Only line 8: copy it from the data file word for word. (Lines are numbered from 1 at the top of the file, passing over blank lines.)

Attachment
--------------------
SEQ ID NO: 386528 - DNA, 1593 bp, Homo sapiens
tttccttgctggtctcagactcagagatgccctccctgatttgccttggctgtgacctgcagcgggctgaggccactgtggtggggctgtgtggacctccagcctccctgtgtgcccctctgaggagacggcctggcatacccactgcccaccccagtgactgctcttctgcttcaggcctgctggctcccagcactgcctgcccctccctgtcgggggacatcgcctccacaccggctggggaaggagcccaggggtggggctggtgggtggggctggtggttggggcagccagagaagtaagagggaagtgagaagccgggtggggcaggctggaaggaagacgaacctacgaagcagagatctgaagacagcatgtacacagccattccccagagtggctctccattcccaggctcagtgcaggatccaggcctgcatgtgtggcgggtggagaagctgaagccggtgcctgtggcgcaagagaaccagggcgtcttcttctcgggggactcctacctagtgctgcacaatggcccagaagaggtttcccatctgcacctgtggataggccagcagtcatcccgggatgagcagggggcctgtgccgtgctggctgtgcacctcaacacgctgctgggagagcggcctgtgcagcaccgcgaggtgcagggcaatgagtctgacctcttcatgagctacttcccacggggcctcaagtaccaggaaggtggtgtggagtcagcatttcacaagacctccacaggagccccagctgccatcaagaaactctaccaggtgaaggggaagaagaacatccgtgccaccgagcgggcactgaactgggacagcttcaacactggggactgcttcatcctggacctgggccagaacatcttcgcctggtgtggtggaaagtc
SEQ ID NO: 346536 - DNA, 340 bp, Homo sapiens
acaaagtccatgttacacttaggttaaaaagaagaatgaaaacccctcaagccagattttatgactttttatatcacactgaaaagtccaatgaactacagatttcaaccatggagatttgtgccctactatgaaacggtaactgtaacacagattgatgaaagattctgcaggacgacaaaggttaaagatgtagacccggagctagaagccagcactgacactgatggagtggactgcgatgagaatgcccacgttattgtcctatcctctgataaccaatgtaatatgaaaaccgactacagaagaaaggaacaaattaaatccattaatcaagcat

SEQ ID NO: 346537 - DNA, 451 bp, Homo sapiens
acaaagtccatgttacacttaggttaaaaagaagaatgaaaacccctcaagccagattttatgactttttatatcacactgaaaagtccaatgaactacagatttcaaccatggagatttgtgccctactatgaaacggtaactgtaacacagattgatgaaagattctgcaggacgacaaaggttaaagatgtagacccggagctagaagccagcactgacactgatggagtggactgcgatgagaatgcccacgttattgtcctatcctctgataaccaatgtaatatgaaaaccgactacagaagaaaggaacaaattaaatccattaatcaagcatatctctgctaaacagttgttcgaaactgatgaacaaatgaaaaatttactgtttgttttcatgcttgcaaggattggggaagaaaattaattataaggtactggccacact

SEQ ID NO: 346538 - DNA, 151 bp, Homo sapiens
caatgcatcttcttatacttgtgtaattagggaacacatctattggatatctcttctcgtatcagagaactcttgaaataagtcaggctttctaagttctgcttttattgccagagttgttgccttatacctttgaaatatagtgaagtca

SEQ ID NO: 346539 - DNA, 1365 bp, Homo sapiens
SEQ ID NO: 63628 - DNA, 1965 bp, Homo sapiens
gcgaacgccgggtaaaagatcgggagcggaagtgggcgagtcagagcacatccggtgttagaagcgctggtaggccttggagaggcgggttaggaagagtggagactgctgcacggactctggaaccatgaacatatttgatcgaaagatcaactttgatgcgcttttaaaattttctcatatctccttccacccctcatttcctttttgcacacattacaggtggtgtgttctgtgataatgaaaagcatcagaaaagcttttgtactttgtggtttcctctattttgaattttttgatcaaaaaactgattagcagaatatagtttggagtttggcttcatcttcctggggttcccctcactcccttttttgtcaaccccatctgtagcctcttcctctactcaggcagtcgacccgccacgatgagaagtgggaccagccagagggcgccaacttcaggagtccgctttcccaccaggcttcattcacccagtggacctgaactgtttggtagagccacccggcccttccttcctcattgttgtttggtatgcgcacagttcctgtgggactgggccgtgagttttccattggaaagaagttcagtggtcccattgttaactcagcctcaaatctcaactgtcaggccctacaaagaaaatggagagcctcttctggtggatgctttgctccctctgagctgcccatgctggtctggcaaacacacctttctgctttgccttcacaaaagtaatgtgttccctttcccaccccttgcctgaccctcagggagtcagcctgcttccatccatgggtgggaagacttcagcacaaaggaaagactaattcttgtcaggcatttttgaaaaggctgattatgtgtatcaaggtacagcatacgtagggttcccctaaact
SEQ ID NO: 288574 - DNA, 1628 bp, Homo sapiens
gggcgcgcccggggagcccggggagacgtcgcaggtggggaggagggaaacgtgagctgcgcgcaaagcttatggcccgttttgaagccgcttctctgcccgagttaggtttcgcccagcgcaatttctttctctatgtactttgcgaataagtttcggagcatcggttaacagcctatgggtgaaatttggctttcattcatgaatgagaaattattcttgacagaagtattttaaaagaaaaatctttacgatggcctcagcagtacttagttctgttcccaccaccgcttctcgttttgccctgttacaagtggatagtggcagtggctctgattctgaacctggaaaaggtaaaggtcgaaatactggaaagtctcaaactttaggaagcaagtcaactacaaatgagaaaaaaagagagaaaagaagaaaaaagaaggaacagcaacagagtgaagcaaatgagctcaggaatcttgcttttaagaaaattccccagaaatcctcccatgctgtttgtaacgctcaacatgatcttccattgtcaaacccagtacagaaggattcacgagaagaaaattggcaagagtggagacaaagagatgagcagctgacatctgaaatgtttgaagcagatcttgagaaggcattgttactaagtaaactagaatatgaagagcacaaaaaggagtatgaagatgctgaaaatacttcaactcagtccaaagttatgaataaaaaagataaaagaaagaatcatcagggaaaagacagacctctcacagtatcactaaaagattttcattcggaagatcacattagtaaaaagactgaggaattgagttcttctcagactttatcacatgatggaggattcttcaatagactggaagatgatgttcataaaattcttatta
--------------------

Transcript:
caatgcatcttcttatacttgtgtaattagggaacacatctattggatatctcttctcgtatcagagaactcttgaaataagtcaggctttctaagttctgcttttattgccagagttgttgccttatacctttgaaatatagtgaagtca